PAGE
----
Gillette residents help each other through milk shortage

GILLETTE — Four months ago, Tristen Bundy had her first child. With the birth of her daughter, Blakely, Bundy has been faced with the anxiety and stress that often accompanies new parents.

The ongoing formula shortage has exacerbated those struggles, as she’s had to make do with little to no formula on store shelves.

“As a first-time mom you never know what to expect but you always expect to at least feed and provide a home for your baby,” Bundy said. “It’s heartbreaking to not even be able to provide the basic needs.”

The formula shortage that has been impacting families throughout the country since February has also made its presence known through many families in Gillette.

Blakely was born in January, right before Abbott Laboratories, a large infant formula producer, closed its Michigan plant and recalled many of its infant formula products due to reports of bacterial infections in four babies who consumed its products.

Since then, a lack of formula has persisted throughout the country.

Bundy initially tried to nurse Blakely but could only produce about 3 ounces of milk a day. To help with her mental health and to provide Blakely with all of the nutrition she needed, Bundy supplements with formula.

But since mid-February that has been almost impossible at times. Even traveling outside of Gillette, she said there’s little to no formula available throughout the state.

“It seemed to be you could find things every now and then but now there’s literally nothing,” she said.

She is a part of a Facebook group called Campbell County Formula Finder, which has about 40 people. Everyone in the group helps to look out for whenever formula hits the shelves throughout the county.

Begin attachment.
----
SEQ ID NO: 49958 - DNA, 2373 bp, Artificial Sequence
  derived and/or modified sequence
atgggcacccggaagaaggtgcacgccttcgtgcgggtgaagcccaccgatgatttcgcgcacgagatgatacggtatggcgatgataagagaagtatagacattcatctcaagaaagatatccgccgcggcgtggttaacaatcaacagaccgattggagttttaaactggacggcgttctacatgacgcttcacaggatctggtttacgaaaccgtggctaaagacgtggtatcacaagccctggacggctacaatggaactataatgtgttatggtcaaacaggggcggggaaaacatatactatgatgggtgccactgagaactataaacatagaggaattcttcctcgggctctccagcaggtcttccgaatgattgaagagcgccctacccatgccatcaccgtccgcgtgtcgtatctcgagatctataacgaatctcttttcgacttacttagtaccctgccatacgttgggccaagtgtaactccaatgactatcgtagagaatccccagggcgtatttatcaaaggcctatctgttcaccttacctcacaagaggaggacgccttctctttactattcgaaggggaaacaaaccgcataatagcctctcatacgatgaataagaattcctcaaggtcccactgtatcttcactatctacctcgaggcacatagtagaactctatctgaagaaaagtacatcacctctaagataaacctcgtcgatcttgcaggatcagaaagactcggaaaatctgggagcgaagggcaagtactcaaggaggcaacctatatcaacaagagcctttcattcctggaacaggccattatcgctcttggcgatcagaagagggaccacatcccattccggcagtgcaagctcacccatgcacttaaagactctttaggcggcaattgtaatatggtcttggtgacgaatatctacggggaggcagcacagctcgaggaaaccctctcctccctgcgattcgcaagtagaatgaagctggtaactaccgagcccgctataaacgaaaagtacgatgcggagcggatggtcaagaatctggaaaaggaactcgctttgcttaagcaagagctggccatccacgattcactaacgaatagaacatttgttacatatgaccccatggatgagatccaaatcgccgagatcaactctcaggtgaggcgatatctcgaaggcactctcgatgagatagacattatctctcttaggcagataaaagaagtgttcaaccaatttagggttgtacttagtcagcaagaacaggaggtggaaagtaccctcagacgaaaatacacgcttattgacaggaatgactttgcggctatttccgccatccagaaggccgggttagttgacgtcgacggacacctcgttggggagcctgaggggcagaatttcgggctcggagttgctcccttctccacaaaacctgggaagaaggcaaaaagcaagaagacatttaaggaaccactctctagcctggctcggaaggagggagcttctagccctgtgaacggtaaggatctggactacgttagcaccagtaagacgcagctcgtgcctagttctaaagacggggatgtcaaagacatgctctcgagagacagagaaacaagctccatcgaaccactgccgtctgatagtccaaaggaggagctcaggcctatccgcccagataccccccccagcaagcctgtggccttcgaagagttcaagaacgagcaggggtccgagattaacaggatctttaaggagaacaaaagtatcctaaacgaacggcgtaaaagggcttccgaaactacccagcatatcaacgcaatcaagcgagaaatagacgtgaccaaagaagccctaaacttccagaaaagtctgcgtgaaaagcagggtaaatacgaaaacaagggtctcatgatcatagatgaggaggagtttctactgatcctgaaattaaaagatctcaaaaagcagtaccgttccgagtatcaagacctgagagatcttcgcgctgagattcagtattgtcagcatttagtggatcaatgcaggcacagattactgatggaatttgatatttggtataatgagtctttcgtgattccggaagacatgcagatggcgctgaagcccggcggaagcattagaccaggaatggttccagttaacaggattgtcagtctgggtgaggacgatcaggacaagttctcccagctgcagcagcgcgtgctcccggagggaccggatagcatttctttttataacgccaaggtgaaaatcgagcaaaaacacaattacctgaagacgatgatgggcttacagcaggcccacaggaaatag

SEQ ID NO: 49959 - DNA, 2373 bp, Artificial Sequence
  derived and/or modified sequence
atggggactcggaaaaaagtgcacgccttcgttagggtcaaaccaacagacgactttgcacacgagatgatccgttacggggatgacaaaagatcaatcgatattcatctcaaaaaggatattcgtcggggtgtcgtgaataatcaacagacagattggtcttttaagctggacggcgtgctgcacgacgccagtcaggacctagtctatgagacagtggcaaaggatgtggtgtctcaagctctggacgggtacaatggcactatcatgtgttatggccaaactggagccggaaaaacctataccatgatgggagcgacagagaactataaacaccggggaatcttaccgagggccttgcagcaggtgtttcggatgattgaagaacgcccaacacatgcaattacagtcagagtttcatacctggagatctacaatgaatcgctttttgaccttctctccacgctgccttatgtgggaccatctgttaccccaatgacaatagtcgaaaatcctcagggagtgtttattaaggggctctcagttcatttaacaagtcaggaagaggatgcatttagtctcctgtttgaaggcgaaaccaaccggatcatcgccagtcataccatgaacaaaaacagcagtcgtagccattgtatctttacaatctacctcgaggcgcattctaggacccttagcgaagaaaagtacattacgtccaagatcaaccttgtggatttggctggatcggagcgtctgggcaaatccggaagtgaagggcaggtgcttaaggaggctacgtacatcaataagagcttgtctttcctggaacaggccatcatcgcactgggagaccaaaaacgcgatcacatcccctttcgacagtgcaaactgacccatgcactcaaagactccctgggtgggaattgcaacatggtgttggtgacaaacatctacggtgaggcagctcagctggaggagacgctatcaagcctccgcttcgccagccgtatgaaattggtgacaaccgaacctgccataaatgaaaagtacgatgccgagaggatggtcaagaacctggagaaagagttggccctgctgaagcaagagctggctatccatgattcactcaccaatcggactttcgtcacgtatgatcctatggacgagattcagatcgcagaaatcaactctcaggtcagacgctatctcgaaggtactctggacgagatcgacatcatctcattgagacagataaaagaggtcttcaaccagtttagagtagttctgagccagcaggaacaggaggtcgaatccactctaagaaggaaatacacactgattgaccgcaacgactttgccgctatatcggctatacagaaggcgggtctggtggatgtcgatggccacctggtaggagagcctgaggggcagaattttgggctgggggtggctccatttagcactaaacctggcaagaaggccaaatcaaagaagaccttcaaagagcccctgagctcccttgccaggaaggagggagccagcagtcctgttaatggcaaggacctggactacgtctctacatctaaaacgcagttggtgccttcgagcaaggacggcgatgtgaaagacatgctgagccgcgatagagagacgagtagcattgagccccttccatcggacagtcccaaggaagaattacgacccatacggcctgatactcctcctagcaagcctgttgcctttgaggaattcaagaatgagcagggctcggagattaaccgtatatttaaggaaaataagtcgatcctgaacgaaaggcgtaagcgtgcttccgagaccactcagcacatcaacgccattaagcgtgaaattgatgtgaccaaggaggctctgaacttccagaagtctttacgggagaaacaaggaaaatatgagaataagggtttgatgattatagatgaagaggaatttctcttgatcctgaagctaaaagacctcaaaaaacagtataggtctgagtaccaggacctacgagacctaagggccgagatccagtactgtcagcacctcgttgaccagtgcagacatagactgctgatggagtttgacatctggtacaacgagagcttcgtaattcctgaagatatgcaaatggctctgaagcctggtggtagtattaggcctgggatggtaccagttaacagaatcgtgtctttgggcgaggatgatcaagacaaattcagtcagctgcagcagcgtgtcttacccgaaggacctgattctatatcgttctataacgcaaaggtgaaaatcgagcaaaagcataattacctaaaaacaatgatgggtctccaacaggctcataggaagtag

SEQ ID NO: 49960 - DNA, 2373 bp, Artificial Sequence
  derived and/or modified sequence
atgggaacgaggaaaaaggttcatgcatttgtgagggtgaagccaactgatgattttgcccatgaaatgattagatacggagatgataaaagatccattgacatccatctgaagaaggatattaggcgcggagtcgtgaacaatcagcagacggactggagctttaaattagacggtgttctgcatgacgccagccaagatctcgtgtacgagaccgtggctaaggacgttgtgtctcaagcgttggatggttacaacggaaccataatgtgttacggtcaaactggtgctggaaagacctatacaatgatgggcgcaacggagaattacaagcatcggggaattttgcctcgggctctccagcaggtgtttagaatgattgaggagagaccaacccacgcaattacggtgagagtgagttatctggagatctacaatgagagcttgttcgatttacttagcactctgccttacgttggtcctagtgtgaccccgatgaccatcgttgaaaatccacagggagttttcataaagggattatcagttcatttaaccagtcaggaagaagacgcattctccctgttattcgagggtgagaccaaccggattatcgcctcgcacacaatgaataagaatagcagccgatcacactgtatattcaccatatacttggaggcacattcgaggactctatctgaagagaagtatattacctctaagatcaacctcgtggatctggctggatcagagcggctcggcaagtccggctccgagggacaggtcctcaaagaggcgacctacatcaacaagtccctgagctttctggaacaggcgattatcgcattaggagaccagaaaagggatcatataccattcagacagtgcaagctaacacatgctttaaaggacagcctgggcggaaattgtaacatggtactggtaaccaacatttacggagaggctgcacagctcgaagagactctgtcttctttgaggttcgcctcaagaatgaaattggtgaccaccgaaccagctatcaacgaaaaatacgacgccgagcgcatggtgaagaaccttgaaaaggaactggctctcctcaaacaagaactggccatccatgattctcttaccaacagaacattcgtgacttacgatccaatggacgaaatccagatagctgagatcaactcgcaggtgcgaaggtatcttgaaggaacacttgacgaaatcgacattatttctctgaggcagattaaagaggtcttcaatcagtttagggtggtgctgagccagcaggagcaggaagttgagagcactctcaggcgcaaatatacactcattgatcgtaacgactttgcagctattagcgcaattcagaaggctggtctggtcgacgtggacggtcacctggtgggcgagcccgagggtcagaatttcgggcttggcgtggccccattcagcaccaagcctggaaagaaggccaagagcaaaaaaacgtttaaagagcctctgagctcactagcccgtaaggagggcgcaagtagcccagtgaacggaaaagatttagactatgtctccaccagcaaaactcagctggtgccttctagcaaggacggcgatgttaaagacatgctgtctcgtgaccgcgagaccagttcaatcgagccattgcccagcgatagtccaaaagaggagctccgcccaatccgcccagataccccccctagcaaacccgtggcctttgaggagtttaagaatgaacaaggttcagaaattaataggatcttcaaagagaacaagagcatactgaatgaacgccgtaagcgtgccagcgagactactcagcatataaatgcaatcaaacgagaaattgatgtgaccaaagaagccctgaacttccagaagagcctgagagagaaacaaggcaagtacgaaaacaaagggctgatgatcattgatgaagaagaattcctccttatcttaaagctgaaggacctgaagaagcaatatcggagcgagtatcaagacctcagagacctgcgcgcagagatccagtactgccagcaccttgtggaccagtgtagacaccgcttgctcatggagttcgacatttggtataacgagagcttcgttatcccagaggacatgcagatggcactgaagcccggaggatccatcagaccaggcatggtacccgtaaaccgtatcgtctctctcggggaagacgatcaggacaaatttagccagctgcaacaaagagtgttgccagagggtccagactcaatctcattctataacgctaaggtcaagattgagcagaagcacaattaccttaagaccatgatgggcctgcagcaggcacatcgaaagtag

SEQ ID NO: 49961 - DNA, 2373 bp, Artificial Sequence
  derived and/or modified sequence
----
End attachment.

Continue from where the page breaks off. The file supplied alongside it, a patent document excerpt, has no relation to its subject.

At 9 a.m. one day, someone posted that Smith’s had formula in stock. When Bundy went at about 2 p.m. that afternoon, all of the formula was gone. She’s shared what formula she can with members of her church and friends. Even acquaintances she hasn’t talked to in years have reached out to ask if she’ll keep an eye out for specific formulas, as well.

Most pediatricians recommend that babies transition to regular milk at about a year old and solid foods at about six months.

Maddyson Kinsey also experienced an incredible scare, when she and her family had to life flight their ten-month old son Duttyn to Billings, Montana.

The doctor said that the switching of formulas could have been a factor in the inflammation of his gut.

“It was awful,” Kinsey recounted of the 24 hours spent holding her baby, while he refused to eat. “Then he was stretched on a gurney and flown away.”

Duttyn fully recovered after receiving an air enema that unfolded the inside-out section of his bowel. Since then he’s done well but Kinsey said the family continues to bounce around between Walgreens, Walmart and Albertsons to try and keep even a small supply of formula on hand.

The cost of formula has risen for them as well, since often the only formulas left will be the hypoallergenic or name brand formulas. She said it’s costing them about the same amount of money to feed Duttyn each month as it does to feed their two horses.

Last week, the Wyoming Women, Infants and Children expanded its coverage options to try and help alleviate some of the costs to mothers throughout the state.

“We were able to expand some of the brands (of formula) that families can purchase and the size so that they can hopefully find a substitute to buy,” said Health Department spokeswoman Kim Deti.

She said the issue continues to be statewide and that “Wyoming is not immune.”

For now, it seems like there’s no end in sight. Bundy said that since her daughter is still so young, the struggle seems like it will continue for a long time.

“I still have so much longer to go,” she said.